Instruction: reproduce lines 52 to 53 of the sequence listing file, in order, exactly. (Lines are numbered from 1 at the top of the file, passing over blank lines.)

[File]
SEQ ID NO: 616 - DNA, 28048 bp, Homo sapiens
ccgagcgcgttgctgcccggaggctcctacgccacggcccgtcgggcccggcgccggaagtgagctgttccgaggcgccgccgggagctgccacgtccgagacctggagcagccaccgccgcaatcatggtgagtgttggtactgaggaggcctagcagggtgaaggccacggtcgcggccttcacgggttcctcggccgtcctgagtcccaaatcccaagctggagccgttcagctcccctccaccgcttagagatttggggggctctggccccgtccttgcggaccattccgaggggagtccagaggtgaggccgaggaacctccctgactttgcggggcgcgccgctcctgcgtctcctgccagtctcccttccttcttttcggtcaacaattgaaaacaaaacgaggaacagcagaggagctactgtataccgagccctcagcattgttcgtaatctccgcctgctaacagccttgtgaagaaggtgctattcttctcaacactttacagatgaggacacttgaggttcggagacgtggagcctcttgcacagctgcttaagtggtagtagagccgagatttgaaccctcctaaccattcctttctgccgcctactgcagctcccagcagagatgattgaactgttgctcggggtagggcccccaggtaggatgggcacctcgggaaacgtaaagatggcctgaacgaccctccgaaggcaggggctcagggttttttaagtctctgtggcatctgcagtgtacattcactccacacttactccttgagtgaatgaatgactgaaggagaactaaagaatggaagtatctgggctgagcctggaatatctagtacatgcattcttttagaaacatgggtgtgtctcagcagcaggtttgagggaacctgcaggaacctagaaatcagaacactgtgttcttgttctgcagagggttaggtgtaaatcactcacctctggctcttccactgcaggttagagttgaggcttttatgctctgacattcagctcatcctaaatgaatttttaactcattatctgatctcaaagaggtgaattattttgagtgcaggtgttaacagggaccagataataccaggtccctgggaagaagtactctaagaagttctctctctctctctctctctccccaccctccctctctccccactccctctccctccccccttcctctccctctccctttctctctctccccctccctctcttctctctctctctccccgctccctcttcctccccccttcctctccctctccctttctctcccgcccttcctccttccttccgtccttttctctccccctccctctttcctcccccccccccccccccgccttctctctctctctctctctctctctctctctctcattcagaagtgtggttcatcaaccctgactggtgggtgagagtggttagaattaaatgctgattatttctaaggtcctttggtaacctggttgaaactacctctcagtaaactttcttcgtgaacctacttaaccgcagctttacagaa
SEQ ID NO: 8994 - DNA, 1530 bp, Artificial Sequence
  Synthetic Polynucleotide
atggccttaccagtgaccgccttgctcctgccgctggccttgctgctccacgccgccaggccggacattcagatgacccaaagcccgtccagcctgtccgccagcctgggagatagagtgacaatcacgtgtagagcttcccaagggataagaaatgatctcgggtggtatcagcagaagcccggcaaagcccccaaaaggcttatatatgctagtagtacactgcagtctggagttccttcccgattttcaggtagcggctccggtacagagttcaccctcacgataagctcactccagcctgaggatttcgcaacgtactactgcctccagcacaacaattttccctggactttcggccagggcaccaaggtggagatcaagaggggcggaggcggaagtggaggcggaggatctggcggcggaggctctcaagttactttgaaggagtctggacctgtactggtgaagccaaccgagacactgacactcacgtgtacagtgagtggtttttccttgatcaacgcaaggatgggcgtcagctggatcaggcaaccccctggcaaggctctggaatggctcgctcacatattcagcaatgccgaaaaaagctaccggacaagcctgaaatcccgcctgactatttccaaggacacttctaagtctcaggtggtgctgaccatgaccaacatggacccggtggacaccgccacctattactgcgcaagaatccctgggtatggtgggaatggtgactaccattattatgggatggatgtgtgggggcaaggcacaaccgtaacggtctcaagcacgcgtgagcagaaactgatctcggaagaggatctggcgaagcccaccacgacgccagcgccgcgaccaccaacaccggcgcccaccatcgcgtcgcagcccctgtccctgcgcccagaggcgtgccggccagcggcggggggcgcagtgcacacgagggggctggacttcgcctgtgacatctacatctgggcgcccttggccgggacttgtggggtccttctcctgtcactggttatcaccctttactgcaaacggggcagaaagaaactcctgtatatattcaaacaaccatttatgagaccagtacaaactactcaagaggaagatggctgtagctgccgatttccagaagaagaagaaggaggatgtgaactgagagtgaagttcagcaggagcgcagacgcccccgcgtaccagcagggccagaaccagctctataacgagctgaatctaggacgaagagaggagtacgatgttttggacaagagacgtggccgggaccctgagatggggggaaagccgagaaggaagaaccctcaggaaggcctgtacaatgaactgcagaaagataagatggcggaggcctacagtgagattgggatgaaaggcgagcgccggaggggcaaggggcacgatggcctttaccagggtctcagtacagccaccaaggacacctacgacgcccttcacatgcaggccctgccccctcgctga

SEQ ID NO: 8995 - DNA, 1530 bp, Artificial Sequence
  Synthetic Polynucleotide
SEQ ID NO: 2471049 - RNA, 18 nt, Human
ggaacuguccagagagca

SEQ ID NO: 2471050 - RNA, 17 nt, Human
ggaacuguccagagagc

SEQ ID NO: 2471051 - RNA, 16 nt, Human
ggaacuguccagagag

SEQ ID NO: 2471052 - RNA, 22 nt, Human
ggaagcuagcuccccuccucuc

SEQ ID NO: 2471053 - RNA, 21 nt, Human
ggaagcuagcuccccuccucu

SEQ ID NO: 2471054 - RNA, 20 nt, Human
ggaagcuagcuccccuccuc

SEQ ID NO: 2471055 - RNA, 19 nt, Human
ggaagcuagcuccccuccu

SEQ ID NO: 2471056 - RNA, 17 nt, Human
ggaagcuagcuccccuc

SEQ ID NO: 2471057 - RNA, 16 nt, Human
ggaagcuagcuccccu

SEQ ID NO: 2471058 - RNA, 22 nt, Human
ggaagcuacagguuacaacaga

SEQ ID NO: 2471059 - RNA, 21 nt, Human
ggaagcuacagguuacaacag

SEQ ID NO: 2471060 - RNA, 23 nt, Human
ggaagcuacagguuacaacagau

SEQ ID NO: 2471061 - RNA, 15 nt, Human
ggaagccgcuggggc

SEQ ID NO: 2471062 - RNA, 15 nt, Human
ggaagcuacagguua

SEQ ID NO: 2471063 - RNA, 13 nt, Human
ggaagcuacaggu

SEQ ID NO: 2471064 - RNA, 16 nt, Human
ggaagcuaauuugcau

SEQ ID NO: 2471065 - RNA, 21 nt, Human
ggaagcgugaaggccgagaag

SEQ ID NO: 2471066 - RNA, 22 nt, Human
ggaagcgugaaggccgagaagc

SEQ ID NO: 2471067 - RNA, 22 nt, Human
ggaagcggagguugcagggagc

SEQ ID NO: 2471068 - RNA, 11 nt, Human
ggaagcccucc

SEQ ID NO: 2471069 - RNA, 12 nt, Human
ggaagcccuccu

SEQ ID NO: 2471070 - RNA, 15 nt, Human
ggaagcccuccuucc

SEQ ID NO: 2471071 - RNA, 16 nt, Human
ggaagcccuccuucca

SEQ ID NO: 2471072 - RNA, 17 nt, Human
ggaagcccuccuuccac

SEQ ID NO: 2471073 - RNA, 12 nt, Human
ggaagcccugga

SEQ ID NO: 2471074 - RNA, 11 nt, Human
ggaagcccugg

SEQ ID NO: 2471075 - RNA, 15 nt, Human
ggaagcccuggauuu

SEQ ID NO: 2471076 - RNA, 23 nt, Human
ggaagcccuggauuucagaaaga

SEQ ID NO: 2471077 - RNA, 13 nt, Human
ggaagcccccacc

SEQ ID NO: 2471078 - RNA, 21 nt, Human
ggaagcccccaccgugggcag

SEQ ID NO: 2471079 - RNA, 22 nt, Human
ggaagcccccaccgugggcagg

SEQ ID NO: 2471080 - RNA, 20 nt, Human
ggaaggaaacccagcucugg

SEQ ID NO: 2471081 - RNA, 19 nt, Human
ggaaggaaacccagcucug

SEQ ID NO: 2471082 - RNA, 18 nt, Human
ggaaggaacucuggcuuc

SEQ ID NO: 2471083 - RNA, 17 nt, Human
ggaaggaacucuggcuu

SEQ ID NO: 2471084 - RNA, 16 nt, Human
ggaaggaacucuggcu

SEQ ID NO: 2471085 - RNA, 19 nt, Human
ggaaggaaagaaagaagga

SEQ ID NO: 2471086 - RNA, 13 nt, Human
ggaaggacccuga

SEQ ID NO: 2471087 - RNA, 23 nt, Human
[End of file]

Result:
SEQ ID NO: 2471071 - RNA, 16 nt, Human
ggaagcccuccuucca